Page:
The following is a brief summary of certain recent amendments to the Delaware General Corporation Law (DGCL) that are relevant to corporate practitioners in merger and acquisition (M&A) transactions. Although many of the amendments are technical in nature and do not reflect any deep substantive changes in the law, they are nonetheless worth noting. These amendments became effective August 1, 2007.

Director Voting

Section 141(d) of the DGCL governs, among other matters, board committees and the voting power of directors. Subsection (d) of Section 141 permits a certificate of incorporation to confer upon one or more directors voting powers that are greater or less than those of other directors. Subsection (d) was amended to clarify that when a certificate of incorporation confers upon directors voting powers that vary from those of other directors, such varied voting powers will also apply to any votes cast by such director in any board committee or subcommittee, unless otherwise provided in the certificate of incorporation. Accordingly, if a special committee is established to approve or make a recommendation to the board regarding a change of control transaction, M&A practitioners should take care to ensure that any unusual voting powers of the directors are carefully considered when determining which board members will serve on such committee.

Stockholder Appraisal Rights

Section 262 of the DGCL, which governs stockholder appraisal rights, was amended as set forth below. These amendments will apply to transactions consummated pursuant to agreements entered into after August 1, 2007.

  • Subsections (e) and (k) of Section 262 were amended to clarify that a stockholder who has demanded appraisal in connection with a merger or consolidation may withdraw that demand within 60 days after the effective date of the merger or consolidation so long as the stockholder has not filed a petition for appraisal in the Court of Chancery or joined any such proceeding as a named party.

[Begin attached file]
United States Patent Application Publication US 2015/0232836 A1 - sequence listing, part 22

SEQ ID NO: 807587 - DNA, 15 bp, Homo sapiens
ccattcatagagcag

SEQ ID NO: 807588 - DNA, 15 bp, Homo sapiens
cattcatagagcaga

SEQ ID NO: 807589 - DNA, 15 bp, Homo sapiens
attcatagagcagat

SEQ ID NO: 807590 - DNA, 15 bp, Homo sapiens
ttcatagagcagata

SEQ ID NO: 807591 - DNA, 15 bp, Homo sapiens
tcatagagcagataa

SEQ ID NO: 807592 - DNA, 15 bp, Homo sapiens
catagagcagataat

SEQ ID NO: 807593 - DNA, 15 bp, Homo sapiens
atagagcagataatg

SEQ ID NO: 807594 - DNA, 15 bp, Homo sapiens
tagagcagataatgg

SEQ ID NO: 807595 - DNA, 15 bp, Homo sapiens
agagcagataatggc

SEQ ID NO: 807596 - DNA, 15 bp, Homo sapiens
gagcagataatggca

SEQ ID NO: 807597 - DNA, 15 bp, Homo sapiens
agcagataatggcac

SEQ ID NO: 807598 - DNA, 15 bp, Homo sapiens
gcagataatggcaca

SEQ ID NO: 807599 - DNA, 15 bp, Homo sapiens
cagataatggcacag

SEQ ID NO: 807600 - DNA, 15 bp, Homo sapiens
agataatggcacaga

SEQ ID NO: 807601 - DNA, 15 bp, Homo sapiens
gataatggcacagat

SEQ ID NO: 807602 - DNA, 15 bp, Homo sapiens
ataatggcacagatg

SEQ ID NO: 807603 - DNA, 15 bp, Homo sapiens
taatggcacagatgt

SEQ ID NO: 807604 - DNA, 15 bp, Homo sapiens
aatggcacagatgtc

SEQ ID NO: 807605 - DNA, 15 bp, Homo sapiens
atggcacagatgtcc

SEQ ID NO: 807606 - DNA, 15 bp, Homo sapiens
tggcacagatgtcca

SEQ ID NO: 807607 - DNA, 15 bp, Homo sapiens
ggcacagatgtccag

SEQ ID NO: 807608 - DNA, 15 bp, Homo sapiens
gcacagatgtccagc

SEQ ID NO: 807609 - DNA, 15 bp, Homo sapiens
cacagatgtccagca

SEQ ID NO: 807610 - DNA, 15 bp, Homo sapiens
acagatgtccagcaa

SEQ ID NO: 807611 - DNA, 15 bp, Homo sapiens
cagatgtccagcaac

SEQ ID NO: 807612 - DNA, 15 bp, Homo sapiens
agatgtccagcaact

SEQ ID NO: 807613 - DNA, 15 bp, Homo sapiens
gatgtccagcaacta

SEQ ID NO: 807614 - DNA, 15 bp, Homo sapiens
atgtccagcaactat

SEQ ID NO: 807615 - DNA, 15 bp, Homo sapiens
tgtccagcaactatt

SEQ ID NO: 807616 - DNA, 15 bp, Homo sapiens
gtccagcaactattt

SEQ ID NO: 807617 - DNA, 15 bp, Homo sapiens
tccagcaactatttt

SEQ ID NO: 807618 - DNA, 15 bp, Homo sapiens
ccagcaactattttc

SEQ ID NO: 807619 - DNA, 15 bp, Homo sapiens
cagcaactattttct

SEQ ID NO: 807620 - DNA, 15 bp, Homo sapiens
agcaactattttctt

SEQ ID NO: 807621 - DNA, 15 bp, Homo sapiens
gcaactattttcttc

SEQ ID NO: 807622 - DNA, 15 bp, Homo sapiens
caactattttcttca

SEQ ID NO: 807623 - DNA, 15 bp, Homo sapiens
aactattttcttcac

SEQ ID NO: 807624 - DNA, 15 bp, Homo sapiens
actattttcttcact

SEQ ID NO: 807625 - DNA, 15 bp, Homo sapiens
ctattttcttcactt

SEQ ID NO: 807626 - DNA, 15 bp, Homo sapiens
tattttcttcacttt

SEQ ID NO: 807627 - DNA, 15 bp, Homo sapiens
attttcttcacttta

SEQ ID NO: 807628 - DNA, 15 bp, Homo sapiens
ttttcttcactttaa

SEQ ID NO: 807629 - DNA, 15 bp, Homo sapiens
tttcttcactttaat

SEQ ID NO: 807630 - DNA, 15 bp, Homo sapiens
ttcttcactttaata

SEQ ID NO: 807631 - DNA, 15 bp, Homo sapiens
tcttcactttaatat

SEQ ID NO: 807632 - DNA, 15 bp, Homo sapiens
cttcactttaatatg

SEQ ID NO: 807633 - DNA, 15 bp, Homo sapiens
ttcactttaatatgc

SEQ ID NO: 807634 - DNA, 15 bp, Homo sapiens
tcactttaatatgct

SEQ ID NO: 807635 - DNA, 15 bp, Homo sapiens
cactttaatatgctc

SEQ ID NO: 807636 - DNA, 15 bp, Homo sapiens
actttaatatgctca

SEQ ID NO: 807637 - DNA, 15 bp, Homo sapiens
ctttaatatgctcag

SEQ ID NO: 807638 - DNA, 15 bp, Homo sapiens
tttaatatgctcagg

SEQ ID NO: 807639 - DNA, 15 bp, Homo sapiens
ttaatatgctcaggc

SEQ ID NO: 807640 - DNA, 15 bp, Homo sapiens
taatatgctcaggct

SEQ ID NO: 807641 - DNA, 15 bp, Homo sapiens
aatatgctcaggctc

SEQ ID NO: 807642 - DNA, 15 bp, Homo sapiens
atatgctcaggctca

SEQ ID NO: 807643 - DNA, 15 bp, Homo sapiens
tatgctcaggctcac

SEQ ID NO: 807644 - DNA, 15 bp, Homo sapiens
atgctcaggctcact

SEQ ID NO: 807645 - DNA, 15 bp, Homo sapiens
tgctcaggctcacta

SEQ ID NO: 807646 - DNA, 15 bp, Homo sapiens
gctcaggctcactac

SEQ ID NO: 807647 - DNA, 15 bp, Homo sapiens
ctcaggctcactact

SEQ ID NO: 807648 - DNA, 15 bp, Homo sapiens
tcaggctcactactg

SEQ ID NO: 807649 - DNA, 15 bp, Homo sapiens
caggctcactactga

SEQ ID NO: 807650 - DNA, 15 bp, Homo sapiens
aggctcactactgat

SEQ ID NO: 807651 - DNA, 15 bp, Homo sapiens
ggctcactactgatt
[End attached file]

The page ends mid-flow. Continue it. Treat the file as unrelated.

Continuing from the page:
• Subsection (e) of Section 262 was amended to permit beneficial owners of shares of stock to do each of the following in their own names: file a petition for appraisal before the Court of Chancery, and request a statement of shares with respect to which demands for appraisal have been made. Prior to this amendment, petitions for appraisal could only be filed by the stockholder of record. Accordingly, holders of record (such as Cede & Co.) will no longer have to serve as a nominee petitioner in an appraisal proceeding. Note, however, that the written demand for appraisal must still be submitted to the corporation by the holder of record.
  • Subsection (h) of Section 262 was amended to establish a presumption that interest will be awarded in appraisal proceedings for the period from the effective date of the merger until the date of payment of judgment, and will compound quarterly and accrue at a rate of 5 percent over the Federal Reserve discount rate. The Court of Chancery, however, retains the discretion to depart from this presumption if good cause, such as bad faith on the part of one of the litigants, is shown. Previously, Section 262 did not state what interest rate should apply in appraisal cases. This amendment was intended to eliminate needless litigation concerning the rate of interest in these cases and the presumptive rate reflects what had become, as a practical matter, the default rate in the Court of Chancery.
  • Subsection (h) of Section 262 was also amended to clarify that in appraisal proceedings the Court of Chancery will not determine the fair value of shares on its own initiative. Appraisal proceedings are adversary proceedings, and the Court will determine the fair value of the shares in these proceedings only upon demand by the surviving corporation or the stockholder seeking appraisal.

Merger Certification

The following amendments were made to the DGCL relating to filing requirements in connection with mergers or consolidations: Several amendments to Section 251 eliminate the requirement that an agreement of merger or consolidation include a certification from the secretary or assistant secretary of the corporation to the effect that the agreement of merger or consolidation was adopted by the requisite vote of the stockholders or members, as applicable, if a certificate of merger is filed with the Delaware Secretary of State in lieu of the agreement.

  • Similar amendments were made to Section 255 regarding a merger or consolidation of domestic non-stock corporations. The certification requirement was also eliminated from Sections 252, 254, 256, 257, 258, 263 and 264 by cross-references to Sections 251 and 255.
  • An amendment to subsection (b) of Section 258 clarifies that each constituent foreign corporation must also certify the agreement of merger or consolidation in accordance with the laws under which it was formed.